You’re Being Lied to About Link Building

Link Building Lies

You're Being Lied to About Link Building

Link building is the foundation of the internet. Links are how the web is connected, and easily in the higher echelon (if not at the very top) of Google's ranking algorithm.

That's why so people people want to publish posts about "why link building is important in 2017" or "the top 10 ways to get links," etc. Clearly it's important, which makes it popular, and that makes it fodder for gimmicky content marketers.

I read a post this evening that actually ticked me off. It's a post from Neil Patel on his Quicksprout site stating "you're probably doing link-building wrong."

Neil is typically a pretty knowledgeable guy, but he does tend toward the used car salesman approach. His content is increasingly trending toward saying a whole lot about nothing, and the article I'm referencing is no exception. Neil, and many others, are making grossly inaccurate statements about links building.

To point out these inaccuracies, I'll address them by subject.

Anchor Text

Anchor text is the word or set of words you turn into a hyperlink. There are a few established practices for how anchor text links are done:

  1. Exact match - Using the exact keyword you want to rank for as your anchor text.
  2. Partial match - Contains part of the word/phrase but not exact
  3. Branded - Linking the name of the person rather than the subject matter
  4. Naked URLS - Just pasting in the link
  5. Generic - This would be like saying, "check out this great article here" where the word "here" is the link
  6. Latent semantic keywords - Variations, synonyms on your keyword you want to rank

​Here's where things get ridiculous.

The Lie

"You need to spread the love around the types of links you use. Exact match matter the most and should be used 2 percent and phrase match used 30 percent."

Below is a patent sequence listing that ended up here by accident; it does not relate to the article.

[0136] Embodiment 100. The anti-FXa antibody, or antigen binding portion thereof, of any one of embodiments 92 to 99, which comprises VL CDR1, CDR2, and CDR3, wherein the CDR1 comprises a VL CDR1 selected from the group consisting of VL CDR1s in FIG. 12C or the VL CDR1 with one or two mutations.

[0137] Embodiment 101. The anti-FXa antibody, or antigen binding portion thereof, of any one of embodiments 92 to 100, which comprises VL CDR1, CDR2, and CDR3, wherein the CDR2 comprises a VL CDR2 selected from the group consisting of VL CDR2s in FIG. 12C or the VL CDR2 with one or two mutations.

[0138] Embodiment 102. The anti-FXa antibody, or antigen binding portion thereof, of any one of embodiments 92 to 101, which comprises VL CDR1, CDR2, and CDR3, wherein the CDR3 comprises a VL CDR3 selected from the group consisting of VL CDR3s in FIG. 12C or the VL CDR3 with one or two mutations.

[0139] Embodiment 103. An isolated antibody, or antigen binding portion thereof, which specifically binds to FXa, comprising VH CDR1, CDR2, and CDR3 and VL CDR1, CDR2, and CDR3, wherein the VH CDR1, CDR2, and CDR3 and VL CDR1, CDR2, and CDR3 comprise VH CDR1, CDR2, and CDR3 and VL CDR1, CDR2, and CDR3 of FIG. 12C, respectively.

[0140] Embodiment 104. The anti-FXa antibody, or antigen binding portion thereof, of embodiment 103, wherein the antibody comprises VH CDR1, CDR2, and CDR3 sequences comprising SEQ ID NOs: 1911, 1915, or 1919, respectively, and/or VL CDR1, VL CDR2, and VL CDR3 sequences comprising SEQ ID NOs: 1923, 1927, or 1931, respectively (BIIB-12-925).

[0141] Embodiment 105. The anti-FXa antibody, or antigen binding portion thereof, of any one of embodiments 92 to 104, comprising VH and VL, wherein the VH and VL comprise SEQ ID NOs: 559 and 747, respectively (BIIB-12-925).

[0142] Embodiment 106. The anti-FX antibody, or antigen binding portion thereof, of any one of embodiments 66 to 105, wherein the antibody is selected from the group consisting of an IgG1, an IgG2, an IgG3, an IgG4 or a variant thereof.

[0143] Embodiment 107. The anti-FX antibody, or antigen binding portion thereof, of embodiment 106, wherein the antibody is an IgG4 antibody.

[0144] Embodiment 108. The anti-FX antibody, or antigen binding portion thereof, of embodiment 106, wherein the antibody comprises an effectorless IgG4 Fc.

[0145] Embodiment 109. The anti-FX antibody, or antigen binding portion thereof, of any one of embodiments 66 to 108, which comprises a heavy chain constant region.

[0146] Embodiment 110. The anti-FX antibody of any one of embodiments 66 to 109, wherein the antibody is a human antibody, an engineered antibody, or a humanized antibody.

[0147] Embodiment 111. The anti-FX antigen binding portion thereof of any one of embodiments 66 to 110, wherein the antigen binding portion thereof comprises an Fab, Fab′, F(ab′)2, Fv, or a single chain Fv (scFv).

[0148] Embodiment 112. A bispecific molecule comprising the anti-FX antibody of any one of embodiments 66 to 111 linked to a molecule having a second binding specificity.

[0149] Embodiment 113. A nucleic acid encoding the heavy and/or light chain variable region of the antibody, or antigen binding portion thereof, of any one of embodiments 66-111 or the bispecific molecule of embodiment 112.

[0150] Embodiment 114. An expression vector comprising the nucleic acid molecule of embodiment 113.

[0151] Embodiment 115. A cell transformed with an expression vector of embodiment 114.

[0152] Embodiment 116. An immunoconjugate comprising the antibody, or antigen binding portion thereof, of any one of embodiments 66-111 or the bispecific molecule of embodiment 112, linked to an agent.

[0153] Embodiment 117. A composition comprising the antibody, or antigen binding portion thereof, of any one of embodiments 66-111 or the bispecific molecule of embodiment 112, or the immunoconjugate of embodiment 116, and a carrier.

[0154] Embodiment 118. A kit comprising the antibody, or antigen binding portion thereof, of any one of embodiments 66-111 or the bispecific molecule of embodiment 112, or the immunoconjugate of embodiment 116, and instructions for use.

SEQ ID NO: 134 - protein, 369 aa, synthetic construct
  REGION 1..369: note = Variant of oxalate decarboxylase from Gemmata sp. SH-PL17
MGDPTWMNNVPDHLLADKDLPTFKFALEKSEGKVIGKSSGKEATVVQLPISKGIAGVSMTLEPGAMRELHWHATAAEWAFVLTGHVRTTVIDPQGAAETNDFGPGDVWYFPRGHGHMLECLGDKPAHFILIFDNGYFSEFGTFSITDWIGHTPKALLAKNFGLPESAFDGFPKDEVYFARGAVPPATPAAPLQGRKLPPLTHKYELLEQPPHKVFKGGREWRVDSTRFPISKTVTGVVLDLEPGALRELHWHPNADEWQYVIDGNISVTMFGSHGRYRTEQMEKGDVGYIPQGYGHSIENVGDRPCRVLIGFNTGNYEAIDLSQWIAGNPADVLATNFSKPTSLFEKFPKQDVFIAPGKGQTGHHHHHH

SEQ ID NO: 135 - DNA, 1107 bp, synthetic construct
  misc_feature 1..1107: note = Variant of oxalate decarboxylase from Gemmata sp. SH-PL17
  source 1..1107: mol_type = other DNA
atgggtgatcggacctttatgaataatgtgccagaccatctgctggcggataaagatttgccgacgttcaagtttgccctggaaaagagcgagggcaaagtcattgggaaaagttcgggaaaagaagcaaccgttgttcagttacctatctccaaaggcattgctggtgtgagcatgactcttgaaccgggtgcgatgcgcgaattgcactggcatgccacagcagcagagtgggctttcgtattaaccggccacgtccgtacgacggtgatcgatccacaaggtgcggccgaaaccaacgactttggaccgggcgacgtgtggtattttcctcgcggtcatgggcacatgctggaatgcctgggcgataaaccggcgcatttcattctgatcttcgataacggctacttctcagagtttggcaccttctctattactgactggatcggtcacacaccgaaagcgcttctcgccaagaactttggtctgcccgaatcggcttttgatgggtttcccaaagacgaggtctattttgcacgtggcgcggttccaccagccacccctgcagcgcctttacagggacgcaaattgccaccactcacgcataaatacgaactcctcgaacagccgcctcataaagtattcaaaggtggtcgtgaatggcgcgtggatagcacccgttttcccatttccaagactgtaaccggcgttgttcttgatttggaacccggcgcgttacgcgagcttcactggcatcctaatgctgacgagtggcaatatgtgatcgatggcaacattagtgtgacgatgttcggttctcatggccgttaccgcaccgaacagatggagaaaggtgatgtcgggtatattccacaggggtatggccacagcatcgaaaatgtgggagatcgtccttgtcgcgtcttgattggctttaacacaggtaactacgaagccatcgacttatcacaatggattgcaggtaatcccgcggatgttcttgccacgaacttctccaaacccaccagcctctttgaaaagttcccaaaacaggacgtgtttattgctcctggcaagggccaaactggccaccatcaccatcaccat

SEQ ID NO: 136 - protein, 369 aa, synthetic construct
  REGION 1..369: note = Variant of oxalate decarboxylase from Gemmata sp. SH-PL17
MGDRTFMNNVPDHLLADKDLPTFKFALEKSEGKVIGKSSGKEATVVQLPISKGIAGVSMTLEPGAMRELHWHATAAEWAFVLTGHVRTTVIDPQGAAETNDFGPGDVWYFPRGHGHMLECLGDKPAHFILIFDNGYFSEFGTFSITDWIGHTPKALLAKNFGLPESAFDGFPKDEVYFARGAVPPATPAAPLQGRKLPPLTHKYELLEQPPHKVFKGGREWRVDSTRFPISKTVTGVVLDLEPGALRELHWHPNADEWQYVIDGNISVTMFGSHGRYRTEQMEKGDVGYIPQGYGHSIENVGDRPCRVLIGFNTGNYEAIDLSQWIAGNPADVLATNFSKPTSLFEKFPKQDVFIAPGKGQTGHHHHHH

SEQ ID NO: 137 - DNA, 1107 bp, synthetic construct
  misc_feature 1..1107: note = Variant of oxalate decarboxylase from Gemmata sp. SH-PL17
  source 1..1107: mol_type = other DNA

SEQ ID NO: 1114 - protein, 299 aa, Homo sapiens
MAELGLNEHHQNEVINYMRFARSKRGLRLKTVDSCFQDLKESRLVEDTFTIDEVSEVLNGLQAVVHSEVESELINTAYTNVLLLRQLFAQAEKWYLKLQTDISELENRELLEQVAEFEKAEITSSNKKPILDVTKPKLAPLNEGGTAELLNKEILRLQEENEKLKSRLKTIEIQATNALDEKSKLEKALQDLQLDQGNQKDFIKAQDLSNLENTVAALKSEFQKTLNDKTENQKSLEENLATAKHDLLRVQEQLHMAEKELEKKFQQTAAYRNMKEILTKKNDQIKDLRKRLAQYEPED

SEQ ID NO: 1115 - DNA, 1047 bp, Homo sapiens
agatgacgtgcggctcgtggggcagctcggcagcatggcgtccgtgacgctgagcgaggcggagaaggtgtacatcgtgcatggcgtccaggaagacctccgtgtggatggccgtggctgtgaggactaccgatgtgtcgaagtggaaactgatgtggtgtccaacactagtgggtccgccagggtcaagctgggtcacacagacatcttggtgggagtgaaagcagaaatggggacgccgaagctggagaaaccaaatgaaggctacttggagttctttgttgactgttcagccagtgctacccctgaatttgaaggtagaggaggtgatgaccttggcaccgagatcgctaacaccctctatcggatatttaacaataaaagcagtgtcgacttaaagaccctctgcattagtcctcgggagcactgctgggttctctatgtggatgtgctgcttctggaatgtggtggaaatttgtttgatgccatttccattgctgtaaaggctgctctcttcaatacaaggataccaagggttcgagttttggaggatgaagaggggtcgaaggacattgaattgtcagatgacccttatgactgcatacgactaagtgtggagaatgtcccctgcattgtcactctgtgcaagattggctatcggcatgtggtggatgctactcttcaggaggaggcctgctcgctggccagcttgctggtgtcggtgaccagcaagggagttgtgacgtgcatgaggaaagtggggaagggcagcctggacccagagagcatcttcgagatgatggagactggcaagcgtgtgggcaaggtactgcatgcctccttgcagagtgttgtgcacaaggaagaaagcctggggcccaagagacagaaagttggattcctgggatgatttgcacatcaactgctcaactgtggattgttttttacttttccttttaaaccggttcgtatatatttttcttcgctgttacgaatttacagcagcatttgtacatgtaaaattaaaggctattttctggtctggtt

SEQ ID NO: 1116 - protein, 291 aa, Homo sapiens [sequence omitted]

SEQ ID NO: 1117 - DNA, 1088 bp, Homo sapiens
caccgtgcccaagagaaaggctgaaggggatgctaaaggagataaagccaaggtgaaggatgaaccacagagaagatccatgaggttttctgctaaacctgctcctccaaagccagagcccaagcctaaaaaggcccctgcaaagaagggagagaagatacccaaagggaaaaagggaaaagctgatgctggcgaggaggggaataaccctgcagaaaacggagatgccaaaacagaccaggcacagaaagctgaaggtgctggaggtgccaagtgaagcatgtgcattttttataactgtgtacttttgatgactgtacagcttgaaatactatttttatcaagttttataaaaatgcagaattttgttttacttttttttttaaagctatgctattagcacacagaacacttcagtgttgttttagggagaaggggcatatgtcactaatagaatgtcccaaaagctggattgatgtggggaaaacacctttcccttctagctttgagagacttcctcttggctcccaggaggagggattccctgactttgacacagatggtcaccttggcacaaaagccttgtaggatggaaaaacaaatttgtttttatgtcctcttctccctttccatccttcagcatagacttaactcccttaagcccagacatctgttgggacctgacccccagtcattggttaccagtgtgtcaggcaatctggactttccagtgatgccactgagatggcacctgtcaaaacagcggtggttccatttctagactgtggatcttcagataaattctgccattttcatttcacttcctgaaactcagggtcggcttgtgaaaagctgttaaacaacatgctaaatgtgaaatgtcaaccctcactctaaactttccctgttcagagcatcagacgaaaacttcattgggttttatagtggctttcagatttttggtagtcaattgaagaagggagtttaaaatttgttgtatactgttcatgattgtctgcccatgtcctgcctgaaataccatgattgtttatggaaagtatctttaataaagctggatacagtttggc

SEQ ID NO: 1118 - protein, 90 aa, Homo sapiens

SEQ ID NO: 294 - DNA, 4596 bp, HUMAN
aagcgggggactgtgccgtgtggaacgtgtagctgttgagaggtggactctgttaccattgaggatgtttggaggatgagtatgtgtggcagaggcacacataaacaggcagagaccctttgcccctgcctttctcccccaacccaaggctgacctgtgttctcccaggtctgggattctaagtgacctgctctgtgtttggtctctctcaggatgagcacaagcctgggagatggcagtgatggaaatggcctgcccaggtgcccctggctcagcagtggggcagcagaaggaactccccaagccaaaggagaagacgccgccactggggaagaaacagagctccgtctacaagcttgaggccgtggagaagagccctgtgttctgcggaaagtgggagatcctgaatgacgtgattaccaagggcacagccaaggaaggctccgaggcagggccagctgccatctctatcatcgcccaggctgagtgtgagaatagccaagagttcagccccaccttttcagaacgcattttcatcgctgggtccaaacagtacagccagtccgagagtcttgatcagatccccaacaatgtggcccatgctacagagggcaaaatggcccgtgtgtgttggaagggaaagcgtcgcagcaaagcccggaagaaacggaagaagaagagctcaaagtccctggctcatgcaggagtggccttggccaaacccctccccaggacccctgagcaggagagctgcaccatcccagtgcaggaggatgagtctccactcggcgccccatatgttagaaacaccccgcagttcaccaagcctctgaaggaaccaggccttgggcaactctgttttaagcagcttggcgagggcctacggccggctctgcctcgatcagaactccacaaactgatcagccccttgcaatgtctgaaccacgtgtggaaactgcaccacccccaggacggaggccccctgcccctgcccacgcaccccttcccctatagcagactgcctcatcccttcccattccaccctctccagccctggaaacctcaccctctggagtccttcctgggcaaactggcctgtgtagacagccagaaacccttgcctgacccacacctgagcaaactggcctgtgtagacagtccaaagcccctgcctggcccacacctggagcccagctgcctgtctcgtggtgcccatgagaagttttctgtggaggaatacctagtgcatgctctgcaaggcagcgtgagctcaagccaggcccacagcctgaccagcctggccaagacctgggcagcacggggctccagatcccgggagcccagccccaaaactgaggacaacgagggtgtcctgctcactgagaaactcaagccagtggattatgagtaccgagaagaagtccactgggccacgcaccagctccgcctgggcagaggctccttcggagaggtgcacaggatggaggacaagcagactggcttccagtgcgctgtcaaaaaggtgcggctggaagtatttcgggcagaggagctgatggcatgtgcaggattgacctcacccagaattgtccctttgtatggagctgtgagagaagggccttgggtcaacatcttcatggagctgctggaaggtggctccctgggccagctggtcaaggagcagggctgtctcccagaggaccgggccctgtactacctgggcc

Google debunked that already by implementing algorithm changes that seek to penalize people who try and game or identify a min/max approach to linking tactics. 


Google wants your linking to be natural, honest, and helpful.

If you're worrying more about HOW you link than WHY, you're providing an inferior user experience.

Google cares most about continuing the user's journey toward finding what they seek. However you link, whether it's by linking the word "here" or the keyword itself isn't going to hinder Google.

The algorithm, particularly now that we have the Rank Brain artificial intelligence algorithm, is smart enough to what what you're writing about, and what the page you're sending people to is all about.

"Social Signals"

That's the name given to the imaginary essence that comes from social media and allegedly helps your "SEO".


"Social signals are a substantial ranking factor. The more tweets, retweets, likes, shares, pins, +'s, etc., you have the better it is for what you're trying to rank because Google uses these to help you rank. You should do everything in your power to maximize your social signals."

Absolute rubbish.

So much so that Neil can't really keep his position straight on them in the afforementioned article:

"I’m in the camp that believes they’re a substantial ranking factor. At least nowadays. While I’m not saying they’re super high on the totem pole, you definitely don’t want to overlook social signals in your link-building.​" - Neil Patel

So which is it then? "Substantial ranking factor" or "not super high on the totem pole?" That's called hedging, or fluffing your article word count. I'm not a fan of either.

​First, let's look at Google's response.

Let's break it down logically.

Why would Google put stock in systems beyond their control? The +'s, likes, shares, etc., carry with them no legitimate means by which they can be weighted​ and not manipulated.

As Matt points out, seeing a page with a lot of social likes that ranks well is correlation, not causation.

​Awesome content gets shared. Why? People think it will help someone. That leads to people linking to you from websites, which can lead to ranking benefits.

Social signals are a fantastic way to measure whether or not the content you're creating is "great content". They are not an ingredient in the algorithm.

Conclusion (How You Actually Get Links)

To bring things full circle, you're probably not doing "link building" wrong. It's more likely that you're not creating awesome content worth sharing with anyone. If you were, links would be a natural byproduct. 

You get links from being helpful -- answering people's questions, sending them where they need to go, giving them true value in response in to their queries. You get links by making the web a better place.

Don't focus on building links. Earn them. Make the web a better place, and you'll be rewarded for it.

Click to Tweet

Sounds a lot tougher than "use exact match anchor text 2% of the time" doesn't it?

​That's how Google intends it to be. It's not gimmicky or forced. It's not fake or manipulative. It's natural. It's organic. It's REAL SEO.

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